Former Tampa City Council member John Dingfelder continues to lead the charge in fundraising in three City Council races on the ballot next Tuesday.
Dingfelder has raised $167,000 in his bid for the citywide District 3 race to replace outgoing council member Yolie Capin who is leaving office due to term limits.
While $50,000 of that haul came from a personal loan and several thousand from family members, Dingfelder is the only candidate to exceed six-figures in City Council races in the runoff election and one of only three to exceed $100,000 in all seven races on the municipal ballot last month.
Incumbents Charlie Miranda and Luis Viera also blew past that mark.
Dingfelder faces political newcomer Stephen Lytle in the runoff. Lytle has raised just $69,000 so far, according to the most recent campaign finance filings covering March 23 through April 5.
Dingfelder raised $20,000 in the latest reporting period while Lytle brought in just $650.
Much of Dingfelder’s latest haul includes contributions from the legal community. He’s a longtime Tampa attorney. Dingfelder also brought in contributions from Betty Castor and former Tampa City Council member Linda Saul-Sena as well as a top-dollar contributions from the International Brotherhood of Electrical Workers local union.
Lytle’s largest contribution came from Red Star Rock Bar on Florida Avenue, which contributed $300. He also took in $50 from former District 1 candidate David Loos.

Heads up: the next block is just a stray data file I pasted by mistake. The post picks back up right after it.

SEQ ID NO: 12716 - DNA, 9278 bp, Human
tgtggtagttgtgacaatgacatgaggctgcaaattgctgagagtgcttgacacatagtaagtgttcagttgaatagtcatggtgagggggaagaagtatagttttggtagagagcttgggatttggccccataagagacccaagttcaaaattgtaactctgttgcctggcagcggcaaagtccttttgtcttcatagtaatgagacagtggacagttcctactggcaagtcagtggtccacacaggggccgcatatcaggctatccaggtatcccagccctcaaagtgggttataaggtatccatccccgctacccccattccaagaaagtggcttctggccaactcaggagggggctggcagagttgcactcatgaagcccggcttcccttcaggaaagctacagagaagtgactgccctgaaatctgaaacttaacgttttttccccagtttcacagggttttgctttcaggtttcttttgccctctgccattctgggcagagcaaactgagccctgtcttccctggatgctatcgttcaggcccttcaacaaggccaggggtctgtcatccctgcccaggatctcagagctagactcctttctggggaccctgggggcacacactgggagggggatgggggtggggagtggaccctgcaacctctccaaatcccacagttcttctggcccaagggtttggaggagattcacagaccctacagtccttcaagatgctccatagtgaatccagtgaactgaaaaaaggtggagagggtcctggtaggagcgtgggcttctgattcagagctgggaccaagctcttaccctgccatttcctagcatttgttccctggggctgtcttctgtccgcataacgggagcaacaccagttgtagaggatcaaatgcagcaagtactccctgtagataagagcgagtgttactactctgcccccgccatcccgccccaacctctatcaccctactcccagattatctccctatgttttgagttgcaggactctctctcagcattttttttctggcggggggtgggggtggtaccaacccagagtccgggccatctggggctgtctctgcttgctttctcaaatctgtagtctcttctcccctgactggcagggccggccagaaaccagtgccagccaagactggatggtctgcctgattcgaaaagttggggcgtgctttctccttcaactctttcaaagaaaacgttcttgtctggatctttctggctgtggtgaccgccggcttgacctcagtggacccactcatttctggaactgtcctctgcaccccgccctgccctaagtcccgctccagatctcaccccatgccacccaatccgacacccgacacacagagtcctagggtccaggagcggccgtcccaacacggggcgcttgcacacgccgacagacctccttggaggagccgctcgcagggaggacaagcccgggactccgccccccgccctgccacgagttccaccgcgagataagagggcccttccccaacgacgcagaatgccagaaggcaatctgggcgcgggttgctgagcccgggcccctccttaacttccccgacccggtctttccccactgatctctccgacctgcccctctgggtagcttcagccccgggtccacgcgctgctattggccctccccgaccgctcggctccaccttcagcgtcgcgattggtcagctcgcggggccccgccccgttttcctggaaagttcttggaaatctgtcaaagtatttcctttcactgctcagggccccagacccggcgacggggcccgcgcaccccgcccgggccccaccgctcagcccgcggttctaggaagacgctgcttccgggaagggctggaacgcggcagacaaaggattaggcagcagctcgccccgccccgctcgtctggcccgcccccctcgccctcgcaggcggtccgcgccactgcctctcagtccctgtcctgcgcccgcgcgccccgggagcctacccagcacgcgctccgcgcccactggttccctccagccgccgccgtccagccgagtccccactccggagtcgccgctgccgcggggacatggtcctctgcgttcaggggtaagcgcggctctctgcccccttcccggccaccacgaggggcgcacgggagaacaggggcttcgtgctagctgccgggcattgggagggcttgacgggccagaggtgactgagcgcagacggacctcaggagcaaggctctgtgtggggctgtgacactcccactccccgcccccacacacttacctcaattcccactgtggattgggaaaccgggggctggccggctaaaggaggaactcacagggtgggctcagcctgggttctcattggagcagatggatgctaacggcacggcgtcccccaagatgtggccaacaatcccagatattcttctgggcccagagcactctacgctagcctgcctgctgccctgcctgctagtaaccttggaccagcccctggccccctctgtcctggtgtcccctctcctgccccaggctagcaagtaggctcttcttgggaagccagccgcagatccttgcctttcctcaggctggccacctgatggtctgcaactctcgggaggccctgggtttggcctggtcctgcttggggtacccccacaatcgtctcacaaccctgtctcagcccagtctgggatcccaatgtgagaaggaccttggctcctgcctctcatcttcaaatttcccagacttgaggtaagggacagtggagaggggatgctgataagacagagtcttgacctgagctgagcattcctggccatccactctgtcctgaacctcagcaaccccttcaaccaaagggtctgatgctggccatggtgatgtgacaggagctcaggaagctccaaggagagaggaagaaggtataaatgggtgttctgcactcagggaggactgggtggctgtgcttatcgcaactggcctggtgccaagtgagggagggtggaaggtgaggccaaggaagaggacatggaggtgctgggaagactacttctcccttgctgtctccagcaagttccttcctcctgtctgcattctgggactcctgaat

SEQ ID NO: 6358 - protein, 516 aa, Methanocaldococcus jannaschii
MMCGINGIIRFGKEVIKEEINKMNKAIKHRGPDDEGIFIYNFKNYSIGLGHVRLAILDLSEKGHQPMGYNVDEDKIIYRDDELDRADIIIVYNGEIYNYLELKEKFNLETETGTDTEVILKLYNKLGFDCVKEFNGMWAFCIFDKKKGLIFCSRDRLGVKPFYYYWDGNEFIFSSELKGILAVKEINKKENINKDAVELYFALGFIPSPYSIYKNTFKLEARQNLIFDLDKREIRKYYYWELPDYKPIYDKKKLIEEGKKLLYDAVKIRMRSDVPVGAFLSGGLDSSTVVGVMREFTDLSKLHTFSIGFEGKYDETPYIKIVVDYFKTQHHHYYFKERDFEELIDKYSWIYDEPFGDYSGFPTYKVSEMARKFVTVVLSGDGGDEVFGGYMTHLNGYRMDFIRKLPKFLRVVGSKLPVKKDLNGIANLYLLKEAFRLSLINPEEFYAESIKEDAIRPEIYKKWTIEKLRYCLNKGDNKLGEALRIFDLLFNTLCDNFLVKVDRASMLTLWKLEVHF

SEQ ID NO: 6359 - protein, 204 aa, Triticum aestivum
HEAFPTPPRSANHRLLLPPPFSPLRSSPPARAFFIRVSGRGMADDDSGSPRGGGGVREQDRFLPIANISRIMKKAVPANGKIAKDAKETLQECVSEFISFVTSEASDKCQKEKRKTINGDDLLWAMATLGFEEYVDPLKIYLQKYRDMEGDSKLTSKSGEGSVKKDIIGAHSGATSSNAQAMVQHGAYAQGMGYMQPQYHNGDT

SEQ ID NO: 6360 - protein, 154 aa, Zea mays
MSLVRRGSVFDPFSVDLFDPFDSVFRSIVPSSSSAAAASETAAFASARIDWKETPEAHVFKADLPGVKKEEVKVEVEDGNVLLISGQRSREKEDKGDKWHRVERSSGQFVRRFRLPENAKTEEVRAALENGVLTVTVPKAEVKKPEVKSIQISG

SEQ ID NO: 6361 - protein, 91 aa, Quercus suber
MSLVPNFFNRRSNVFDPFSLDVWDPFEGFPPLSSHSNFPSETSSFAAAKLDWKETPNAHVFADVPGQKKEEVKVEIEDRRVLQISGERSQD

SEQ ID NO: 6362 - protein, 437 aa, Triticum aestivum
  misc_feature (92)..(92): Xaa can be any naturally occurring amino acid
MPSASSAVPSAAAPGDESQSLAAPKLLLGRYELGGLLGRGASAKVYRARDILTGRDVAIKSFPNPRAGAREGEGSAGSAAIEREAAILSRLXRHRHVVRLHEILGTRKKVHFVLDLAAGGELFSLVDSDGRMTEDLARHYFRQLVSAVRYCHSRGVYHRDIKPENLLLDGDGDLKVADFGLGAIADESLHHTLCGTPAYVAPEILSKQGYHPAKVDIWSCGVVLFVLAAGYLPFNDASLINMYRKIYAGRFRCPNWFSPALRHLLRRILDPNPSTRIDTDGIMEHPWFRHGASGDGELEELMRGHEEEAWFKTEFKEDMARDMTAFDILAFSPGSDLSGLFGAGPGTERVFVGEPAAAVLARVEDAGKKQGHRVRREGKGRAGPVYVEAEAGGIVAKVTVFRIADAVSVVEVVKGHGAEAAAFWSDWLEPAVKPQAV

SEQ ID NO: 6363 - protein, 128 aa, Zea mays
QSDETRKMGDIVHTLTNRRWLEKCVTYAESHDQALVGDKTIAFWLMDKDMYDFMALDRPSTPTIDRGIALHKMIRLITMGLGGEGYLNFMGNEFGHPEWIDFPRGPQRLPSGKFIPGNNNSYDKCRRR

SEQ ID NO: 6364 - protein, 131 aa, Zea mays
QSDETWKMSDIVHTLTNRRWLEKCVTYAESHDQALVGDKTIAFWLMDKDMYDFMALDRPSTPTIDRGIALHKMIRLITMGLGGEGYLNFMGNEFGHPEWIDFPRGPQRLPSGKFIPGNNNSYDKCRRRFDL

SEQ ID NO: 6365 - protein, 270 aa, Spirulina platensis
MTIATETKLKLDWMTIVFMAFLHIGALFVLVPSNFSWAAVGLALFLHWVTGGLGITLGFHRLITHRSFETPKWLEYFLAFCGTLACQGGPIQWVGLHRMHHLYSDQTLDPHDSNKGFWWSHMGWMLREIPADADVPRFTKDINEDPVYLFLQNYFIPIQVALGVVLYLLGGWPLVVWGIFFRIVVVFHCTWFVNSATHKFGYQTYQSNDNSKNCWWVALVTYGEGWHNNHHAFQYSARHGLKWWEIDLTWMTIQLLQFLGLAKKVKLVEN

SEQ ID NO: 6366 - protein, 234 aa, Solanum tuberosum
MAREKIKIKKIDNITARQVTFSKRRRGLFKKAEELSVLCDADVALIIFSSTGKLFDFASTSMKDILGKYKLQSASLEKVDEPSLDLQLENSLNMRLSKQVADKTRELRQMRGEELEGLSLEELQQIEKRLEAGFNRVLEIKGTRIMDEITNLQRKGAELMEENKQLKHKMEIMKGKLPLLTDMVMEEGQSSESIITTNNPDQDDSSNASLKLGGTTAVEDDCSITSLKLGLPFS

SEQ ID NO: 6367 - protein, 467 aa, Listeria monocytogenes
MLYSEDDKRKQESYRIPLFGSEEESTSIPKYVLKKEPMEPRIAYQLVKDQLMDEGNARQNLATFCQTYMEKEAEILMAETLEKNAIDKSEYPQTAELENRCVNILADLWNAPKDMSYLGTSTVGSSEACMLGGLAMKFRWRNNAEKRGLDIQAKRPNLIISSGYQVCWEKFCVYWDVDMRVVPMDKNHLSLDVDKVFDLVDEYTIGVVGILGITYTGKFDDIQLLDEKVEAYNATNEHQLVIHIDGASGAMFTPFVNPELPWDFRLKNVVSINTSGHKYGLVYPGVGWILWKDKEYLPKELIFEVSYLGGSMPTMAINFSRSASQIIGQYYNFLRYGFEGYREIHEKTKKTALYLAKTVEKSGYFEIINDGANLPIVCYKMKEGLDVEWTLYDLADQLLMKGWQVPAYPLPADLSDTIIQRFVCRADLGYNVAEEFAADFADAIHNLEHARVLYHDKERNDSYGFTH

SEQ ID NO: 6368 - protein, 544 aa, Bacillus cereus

Dingfelder has a huge advantage in his race against Lytle. He finished the municipal election with 49 percent of the vote, which is just 1 percentage point away from winning the race outright. Lytle finished with 20 percent.
Joe Citro also appears to have an edge in the citywide District 1 race to replace Mike Suarez. Citro has raised $44,000 to date including $8,000 during the latest reporting period. His opponent, Walter Smith II, has brought in just $11,000 with $1,900 coming in during on latest report.
Citro finished with 31 percent of the vote last month while Smith claimed just 20 percent. However, Smith has momentum on his side. He recently picked up a major endorsement from former gubernatorial candidate Andrew Gillum, which could help him capture votes from people who supported other candidates before the runoff.
That’s what happened to Bob Buckhorn in 2011 when he barely came in second during the municipal election and then wound up soundly defeating Rose Ferlita in the runoff.
The East Tampa District 5 race is the closest on paper, but not in fundraising. Jeffrey Rhodes came out on top last month with 30 percent of the vote compared to Orlando Gudes’ 28 percent despite a huge funding disadvantage.
Gudes, a retired Tampa Police officer, has raised $73,000 compared to Rhodes’ $31,000. Gudes collected two top-dollar contributions including one from the Gudes Funeral Home on Hillsborough Avenue, which his family owns.
Rhodes is a funeral home director at Ray Williams. He picked up a notable contribution from the Florida Democratic Party, which donated $250 to his campaign.
All of the candidates have been slow on spending, forking out cash for basics like consulting services and local advertising. This is the last week candidates have to raise funds before next week’s election.